6. rps

    What's Cooking?

    Finished product for dinner.
  7. rps

    What's Cooking?

    Headed South tonight. Everyday fresh salsa known as Pico de Gallo and some guacamole made with some of the Pico.
  8. Mark, in the mean time, I will try to post the original articles from my files. The trolling file does not have the pictures of the article but does have the text. White River Walleye on Worm Harnesses.pdf TROLLING FOR WHITE RIVER WALLEYE 2 (Autosaved).pdf
  9. Try the flats on inside bend channel changes. Try steep/deep outside bend channel swings if some sort of cover exists. Post spawn, do not be surprised if they are as shallow as 10 feet. By late August they will be 30 feet deep on the channel edges. The same techniques of which I wrote in articles will work in any semi Southern man made lake. http://www.ozarkanglers.com/white-river-walleye-on-worm-harness/ BTW, Docks that sit on the channel edge will be prime locations for vertical presentations (The cables get in the way of the other methods). Try a white 1 oz War Eagle spoon on 10# braid with 3 to 4 feet of 10# mono joined by a small swivel. That combination twists your line the least. BTW #2, I will put in a message to Phil to ask him to make the links visible again.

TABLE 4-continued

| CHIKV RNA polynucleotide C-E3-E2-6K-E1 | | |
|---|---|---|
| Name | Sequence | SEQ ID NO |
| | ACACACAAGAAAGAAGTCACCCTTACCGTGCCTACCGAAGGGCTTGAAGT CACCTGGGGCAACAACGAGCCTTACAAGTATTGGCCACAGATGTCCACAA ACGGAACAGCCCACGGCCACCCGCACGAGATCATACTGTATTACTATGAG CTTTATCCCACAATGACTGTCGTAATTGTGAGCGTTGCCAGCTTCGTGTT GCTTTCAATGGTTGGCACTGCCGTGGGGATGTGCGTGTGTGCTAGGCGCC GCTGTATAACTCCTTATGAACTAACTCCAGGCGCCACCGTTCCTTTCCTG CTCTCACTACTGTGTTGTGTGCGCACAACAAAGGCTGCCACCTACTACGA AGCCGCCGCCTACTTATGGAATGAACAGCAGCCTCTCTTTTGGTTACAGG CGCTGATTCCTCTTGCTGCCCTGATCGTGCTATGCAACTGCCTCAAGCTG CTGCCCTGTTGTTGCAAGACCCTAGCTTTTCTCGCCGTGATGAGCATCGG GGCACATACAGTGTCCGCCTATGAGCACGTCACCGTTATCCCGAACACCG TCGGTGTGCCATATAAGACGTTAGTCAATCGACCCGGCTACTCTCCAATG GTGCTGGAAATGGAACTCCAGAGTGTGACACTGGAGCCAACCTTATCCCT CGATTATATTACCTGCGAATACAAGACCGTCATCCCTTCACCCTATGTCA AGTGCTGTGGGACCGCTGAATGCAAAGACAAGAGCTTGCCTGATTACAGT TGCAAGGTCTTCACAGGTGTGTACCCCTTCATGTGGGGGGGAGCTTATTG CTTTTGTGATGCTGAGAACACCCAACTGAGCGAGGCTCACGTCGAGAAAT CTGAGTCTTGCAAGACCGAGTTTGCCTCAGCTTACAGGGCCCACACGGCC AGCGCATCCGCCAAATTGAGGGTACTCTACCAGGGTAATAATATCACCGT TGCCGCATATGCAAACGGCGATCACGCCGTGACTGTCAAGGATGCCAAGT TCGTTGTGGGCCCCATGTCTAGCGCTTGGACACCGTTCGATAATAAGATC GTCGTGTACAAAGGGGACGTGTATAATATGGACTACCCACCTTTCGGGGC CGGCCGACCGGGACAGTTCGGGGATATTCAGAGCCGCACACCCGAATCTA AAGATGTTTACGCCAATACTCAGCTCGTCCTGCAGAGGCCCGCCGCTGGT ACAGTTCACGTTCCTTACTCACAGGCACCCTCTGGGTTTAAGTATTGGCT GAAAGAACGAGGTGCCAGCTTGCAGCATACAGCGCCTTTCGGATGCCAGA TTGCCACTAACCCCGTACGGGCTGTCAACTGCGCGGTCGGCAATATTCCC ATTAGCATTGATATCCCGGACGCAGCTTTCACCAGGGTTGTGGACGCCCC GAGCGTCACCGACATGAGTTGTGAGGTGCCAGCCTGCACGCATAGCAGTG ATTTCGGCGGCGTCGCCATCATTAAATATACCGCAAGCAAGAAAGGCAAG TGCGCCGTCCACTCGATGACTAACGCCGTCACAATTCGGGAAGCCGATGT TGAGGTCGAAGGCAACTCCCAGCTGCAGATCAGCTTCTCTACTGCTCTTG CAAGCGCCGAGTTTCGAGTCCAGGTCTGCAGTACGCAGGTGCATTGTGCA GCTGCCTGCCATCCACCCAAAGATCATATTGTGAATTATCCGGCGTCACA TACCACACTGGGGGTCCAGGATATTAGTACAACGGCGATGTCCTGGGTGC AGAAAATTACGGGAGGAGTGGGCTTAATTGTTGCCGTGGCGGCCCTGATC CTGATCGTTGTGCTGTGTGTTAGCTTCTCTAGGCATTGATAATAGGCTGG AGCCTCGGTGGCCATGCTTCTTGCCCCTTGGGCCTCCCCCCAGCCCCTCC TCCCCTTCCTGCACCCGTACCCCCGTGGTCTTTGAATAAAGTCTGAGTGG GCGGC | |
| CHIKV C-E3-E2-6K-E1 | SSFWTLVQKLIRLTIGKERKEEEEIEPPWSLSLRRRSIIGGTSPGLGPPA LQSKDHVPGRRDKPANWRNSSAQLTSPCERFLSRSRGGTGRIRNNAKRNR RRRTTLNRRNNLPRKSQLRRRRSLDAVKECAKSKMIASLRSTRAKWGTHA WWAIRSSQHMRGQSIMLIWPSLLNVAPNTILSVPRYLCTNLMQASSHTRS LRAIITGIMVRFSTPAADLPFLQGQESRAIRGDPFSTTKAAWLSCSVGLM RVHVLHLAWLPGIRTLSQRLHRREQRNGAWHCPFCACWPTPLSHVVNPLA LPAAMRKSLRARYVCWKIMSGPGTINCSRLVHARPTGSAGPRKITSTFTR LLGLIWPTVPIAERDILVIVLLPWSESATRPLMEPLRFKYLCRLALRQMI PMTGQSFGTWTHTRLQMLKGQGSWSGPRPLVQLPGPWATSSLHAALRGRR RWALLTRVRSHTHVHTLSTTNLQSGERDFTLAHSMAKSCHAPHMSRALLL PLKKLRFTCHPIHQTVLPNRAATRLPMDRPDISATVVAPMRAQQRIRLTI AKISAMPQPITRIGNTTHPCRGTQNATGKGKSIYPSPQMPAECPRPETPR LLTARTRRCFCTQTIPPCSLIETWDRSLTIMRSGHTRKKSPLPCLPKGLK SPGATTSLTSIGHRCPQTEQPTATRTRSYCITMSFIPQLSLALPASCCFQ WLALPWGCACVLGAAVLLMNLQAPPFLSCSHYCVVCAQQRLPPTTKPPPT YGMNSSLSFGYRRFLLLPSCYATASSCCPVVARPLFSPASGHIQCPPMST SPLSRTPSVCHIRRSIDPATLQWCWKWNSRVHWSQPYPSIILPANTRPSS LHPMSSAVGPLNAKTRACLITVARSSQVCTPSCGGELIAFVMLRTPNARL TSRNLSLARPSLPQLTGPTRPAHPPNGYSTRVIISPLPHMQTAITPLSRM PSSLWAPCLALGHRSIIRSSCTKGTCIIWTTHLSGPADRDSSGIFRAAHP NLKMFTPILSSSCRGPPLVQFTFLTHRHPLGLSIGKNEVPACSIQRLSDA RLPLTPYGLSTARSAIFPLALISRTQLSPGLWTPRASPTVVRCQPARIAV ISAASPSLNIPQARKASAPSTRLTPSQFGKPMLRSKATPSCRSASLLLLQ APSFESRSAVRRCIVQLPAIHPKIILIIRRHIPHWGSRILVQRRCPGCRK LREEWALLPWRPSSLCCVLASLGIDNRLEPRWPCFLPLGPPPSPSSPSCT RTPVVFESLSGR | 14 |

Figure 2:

10. Phil, I was trying to post links to my articles on a thread in the Lake of the Ozarks. The guy had asked for some advice. One article, the worm harness, the link existed but with no pictures and strange symbols. The other article about walleye trolling turned up a 404 error message. If it is not too much trouble could you find and fix?
  11. rps

    What's Cooking?

    Simple, simple tonight. Brats with Dijon, kraut, and cheese and a good salad.
  12. rps

    What's Cooking?

    As for last night's dinner, I should have added hominy. My bad. Tonight I roasted marinated chicken wings and part of a potato.I added a bit of broccoli. Made a great meal. Nancy baked a batch of chocolate chip cookies. Does it get any better?
  13. rps

    What's Cooking?

    Roasted Tex Mex turkey thigh with home made guacamole.
  14. rps

    What's Cooking?

    I blanched the green beans to the still a little crisp stage and dumped them in ice water to stop the cooking. Some people might want to cook them a bit longer. I diced the seeded Roma tomato, salted it and let it sit for about an hour. I poured some EVOO in the salad plate, built a little log pile of beans and spooned the tomato concasse over the beans. Then I dotted the oil on the sides with a good Balsamic.